As Beltway insiders squabble over how, or whether, to overhaul Obamacare and Medicaid, one overlooked reform deserves widespread support: ending the ability of labor unions to siphon Medicaid dollars from the paychecks of caregivers serving the elderly and disabled.
One of the few bright spots for unions in recent years has been the state-by-state unionization of independent contractor home care aides serving Medicaid-eligible clients. In states like Illinois, union-beholden governors reclassified caregivers as "public employees for collective bargaining purposes" by executive order. Elsewhere, deceptive, union-backed ballot measures and legislative action set up the legal framework necessary for unionization.
Once unionized, typically by SEIU or AFSCME, caregivers were forced to pay union dues as a condition of serving their clients, most often relatives or close friends. Beyond periodically negotiating caregivers' reimbursement rate with the state, the unions provide little in return. The nature of the work means these unions don't provide traditional workplace representation. A mother, for example, simply can't file a grievance against her disabled child, her legal employer.
In 2014, the U.S. Supreme Court's decision in Harris v. Quinn denounced this arrangement as simply a money-making "scheme" for unions and struck down as unconstitutional state laws requiring caregivers to pay union fees.
Unfortunately, unions responded to Harris by seeking to pressure caregivers into union membership using any means necessary.
For instance, though caregivers can cancel the deductions in writing, the state of Washington currently withholds SEIU 775 dues from every caregiver automatically, even if the caregiver never authorized the deductions and refused union membership.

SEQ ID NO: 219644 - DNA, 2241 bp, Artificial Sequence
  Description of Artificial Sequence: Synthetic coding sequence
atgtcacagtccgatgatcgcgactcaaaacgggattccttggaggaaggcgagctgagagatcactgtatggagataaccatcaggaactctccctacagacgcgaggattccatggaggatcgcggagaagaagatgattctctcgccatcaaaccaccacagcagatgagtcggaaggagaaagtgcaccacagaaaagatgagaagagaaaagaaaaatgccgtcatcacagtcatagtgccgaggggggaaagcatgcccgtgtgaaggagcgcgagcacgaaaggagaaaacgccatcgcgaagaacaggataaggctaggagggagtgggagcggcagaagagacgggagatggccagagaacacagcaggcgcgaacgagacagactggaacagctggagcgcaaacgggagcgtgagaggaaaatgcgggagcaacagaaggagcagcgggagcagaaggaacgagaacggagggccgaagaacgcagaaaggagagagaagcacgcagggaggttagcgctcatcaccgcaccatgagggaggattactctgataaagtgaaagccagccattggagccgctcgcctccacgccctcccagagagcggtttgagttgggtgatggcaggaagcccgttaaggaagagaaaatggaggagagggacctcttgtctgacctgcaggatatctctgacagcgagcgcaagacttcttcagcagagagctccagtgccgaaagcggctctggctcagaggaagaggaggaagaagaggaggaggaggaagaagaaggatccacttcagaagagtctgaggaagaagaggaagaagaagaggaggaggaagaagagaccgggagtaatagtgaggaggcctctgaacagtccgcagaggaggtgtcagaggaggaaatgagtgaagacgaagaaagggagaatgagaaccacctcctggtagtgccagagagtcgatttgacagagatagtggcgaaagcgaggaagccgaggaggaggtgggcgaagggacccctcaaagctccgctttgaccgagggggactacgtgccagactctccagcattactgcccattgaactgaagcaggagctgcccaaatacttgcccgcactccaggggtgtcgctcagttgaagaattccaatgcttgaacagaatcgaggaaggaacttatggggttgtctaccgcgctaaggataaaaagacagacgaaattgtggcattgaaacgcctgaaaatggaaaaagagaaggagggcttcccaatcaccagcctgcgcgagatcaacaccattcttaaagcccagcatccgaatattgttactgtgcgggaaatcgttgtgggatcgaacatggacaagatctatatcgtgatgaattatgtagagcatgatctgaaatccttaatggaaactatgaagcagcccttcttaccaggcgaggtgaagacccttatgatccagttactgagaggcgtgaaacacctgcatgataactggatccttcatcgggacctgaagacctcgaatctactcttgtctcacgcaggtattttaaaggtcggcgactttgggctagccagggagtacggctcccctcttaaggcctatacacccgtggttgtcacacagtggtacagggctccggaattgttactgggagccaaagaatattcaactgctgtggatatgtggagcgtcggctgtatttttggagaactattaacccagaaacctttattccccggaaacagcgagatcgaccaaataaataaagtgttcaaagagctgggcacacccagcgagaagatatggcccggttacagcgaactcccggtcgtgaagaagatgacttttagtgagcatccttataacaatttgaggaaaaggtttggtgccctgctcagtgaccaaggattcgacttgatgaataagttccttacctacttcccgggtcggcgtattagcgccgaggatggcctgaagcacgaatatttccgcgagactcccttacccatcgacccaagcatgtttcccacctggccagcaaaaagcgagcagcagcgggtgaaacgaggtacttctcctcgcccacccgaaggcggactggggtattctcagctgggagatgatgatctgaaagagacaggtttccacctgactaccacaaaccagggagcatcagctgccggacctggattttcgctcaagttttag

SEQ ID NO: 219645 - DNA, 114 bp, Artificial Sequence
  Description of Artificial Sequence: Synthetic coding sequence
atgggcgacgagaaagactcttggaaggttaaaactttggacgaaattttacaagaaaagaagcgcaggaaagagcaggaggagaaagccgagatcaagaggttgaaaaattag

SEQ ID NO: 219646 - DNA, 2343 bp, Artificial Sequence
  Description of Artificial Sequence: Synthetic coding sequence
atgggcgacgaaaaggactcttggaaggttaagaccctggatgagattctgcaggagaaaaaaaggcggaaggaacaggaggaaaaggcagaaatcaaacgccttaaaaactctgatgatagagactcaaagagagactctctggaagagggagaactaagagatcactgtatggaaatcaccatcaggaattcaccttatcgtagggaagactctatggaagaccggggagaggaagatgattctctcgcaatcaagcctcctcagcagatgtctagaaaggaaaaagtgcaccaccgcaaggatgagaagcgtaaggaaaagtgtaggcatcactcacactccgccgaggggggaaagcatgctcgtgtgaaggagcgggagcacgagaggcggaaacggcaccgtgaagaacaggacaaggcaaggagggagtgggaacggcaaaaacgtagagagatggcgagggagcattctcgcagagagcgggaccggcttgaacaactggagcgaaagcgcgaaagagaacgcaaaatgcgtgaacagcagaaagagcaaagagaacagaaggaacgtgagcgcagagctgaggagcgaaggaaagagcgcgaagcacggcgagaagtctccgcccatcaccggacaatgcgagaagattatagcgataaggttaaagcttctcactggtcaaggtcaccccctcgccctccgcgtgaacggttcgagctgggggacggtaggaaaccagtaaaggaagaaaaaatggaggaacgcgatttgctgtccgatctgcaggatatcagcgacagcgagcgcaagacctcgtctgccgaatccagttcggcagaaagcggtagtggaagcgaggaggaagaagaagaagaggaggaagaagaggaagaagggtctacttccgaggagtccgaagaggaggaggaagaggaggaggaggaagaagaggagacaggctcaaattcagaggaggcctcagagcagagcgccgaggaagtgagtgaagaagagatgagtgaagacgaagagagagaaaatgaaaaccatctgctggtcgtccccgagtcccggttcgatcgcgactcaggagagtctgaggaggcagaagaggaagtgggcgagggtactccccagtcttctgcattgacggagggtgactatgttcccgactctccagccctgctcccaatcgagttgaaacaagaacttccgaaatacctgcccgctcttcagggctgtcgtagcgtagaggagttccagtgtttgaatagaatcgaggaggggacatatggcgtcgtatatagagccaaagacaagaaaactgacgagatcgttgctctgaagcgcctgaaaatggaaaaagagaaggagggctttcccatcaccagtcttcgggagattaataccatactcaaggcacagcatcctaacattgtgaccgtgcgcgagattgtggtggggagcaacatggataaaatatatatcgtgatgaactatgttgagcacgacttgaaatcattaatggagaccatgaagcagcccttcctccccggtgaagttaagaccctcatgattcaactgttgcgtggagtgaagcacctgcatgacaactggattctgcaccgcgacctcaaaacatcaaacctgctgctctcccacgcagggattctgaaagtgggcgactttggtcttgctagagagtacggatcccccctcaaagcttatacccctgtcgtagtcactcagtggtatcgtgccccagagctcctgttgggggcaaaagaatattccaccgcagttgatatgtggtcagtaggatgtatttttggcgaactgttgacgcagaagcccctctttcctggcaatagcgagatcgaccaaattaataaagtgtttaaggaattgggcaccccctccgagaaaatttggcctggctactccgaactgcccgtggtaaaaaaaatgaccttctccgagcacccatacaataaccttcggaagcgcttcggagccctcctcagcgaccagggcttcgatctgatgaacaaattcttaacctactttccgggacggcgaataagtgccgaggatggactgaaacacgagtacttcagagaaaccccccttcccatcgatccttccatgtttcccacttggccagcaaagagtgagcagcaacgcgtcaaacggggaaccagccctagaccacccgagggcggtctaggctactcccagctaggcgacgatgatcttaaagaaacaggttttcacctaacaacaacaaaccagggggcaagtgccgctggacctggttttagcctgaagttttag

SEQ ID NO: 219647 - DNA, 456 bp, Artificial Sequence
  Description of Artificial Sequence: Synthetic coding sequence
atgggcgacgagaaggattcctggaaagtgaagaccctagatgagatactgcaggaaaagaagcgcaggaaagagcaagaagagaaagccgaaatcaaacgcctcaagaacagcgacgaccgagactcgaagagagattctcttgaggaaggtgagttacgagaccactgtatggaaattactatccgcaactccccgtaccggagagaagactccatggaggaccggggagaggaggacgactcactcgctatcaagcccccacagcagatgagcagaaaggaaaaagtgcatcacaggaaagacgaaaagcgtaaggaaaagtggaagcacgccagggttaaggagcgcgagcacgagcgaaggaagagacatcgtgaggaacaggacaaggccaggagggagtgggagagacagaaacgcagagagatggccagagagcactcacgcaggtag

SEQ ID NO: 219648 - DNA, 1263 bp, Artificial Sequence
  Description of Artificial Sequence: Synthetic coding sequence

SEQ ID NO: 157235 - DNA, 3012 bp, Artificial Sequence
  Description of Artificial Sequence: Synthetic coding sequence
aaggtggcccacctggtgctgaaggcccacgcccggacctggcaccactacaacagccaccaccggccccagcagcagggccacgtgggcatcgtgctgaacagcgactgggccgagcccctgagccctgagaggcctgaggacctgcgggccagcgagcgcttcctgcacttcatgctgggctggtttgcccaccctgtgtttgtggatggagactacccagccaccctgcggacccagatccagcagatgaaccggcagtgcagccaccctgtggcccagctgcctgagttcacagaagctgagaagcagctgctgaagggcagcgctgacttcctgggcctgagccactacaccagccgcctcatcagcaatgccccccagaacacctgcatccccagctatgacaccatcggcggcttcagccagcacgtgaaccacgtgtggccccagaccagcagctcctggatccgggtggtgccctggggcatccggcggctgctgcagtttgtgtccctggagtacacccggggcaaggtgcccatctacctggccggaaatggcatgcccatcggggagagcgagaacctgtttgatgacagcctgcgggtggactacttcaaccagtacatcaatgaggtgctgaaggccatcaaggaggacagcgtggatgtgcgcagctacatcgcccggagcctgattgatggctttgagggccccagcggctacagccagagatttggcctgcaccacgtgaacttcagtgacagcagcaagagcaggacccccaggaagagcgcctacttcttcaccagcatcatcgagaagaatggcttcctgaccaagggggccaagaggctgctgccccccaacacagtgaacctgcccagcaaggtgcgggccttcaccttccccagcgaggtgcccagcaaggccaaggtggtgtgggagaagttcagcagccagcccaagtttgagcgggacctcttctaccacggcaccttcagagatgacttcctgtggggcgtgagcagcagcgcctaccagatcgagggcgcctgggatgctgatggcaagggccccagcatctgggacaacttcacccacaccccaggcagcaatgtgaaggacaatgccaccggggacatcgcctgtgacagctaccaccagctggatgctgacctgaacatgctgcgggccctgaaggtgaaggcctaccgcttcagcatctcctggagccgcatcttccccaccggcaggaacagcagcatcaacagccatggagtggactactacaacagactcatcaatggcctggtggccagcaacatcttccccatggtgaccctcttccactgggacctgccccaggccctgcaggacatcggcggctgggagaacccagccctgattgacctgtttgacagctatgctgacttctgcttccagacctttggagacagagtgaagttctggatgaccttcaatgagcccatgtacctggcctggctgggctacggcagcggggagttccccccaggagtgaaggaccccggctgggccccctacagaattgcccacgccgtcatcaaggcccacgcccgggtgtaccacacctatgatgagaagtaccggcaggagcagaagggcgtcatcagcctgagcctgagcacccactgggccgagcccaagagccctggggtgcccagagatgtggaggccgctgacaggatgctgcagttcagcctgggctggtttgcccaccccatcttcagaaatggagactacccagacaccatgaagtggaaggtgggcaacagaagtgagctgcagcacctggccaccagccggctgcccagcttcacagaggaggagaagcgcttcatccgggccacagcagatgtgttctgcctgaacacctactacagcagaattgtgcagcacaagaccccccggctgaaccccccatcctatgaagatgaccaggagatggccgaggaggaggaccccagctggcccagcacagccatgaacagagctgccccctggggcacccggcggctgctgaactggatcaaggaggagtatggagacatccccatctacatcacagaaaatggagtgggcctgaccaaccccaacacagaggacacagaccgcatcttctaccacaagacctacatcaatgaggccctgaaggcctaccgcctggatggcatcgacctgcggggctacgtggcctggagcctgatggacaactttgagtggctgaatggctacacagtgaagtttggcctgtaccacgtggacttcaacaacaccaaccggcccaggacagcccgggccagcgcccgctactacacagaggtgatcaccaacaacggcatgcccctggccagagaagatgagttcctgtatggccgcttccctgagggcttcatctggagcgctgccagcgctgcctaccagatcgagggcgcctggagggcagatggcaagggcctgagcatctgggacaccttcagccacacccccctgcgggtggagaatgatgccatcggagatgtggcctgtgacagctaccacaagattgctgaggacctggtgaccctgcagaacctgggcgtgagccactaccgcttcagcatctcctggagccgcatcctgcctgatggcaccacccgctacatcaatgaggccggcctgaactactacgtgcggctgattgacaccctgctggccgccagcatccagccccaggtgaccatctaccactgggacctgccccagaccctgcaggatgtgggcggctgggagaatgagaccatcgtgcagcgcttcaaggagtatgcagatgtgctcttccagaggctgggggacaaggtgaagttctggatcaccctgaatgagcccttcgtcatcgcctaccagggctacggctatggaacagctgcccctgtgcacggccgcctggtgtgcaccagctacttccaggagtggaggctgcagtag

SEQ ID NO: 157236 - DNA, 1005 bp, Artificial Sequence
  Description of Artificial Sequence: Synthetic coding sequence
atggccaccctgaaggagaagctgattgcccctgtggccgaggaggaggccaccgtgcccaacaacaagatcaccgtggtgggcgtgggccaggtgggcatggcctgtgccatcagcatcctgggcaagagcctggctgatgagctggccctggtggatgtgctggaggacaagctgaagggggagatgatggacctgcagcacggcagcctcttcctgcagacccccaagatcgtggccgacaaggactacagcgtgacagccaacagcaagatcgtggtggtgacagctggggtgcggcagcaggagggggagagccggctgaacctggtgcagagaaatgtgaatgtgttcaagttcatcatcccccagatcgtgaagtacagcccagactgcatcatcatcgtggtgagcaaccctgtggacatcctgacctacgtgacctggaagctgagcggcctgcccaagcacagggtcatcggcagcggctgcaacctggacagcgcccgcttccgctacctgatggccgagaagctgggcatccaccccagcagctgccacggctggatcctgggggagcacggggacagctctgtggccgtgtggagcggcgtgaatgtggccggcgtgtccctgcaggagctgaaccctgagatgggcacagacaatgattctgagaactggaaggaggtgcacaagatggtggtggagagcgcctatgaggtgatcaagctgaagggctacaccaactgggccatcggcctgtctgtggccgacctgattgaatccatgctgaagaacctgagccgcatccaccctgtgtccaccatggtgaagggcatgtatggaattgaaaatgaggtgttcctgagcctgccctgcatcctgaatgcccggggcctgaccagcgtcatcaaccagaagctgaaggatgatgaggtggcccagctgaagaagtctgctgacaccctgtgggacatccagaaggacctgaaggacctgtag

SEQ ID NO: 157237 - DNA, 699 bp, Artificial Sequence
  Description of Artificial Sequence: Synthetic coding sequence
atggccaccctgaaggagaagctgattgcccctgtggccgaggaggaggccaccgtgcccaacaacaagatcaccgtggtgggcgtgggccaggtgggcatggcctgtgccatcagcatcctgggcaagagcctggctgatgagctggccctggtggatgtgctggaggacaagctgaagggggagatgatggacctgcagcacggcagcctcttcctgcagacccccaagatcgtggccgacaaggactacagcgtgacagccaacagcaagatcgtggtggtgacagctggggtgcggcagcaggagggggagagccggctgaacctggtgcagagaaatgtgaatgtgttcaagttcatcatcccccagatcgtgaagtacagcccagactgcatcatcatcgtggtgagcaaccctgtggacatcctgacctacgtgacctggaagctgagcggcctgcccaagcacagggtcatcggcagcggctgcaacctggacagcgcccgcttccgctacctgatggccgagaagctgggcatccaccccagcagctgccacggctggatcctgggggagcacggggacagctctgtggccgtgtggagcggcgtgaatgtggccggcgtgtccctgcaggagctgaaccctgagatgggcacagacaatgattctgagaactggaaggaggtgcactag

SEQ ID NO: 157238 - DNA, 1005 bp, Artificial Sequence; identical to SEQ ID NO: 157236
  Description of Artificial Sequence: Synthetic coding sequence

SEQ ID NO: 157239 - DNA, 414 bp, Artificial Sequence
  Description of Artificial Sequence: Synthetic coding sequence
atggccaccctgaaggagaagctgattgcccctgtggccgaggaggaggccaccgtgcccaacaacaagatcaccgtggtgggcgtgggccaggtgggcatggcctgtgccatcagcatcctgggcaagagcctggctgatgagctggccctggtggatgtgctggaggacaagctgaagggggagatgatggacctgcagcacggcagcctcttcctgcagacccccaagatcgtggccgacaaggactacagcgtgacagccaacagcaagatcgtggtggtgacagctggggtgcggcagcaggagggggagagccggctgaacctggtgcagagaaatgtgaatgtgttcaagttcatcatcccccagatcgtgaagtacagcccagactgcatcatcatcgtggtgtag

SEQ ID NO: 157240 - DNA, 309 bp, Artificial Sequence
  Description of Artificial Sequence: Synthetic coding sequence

In Oregon, SEIU 503 only permits caregivers to cancel their dues deductions in writing during an arbitrary, 15-day annual window period unique to each caregiver, but known only to the union.
Within months of Harris, unions secured passage of a California law requiring new home care aides to endure a 30-minute union membership pitch. In Washington, social workers have reported instances of new caregivers being brought to tears by the "rude," "aggressive" and "bullying" behavior of union organizers pressuring them to sign membership forms at similar state-mandated orientations.
Meanwhile, caregivers in Minnesota report SEIU forging their signatures on union membership forms.
While caregivers are pushing back against many of these outrageous practices in court, the root of the problem is that unions get to write the rules governing how and from whom the state withholds union dues when making caregivers' payments. Making unions collect their own dues would neutralize many of the unions' unsavory methods.
States like Michigan, Wisconsin and Ohio have already put an end to the unions' dues skimming, but as many as a dozen states still siphon off hundreds of millions of dollars each year in union dues from caregivers' Medicaid payments. Bringing change to states governed by union-backed politicians will likely require federal intervention.
Thankfully, it is well within the regulatory authority of the newly-confirmed heads of the Department of Health and Human Services, Tom Price, and the Centers for Medicare and Medicaid Services, Seema Verma, to direct states to cease diverting Medicaid funds for union dues. Given President Trump's recent demonstrations of the reversibility of the "pen and phone" approach to governing, Congress should promptly follow up with a more permanent fix.
Ending unions' ability to siphon off Medicaid funds meant for society's most vulnerable won't stop unions from bargaining with public employers, nor prevent caregivers from voluntarily making their own dues payment arrangements if they wish. But taking states out of the dues collection business would go a long way towards giving caregivers meaningful control over their union participation and protecting them against the predatory tactics employed by dues-hungry unions.
Maxford Nelsen (@MaxfordNelsen) is director of labor policy for the Freedom Foundation.
If you would like to write an op-ed for the Washington Examiner, please read our guidelines on submissions here.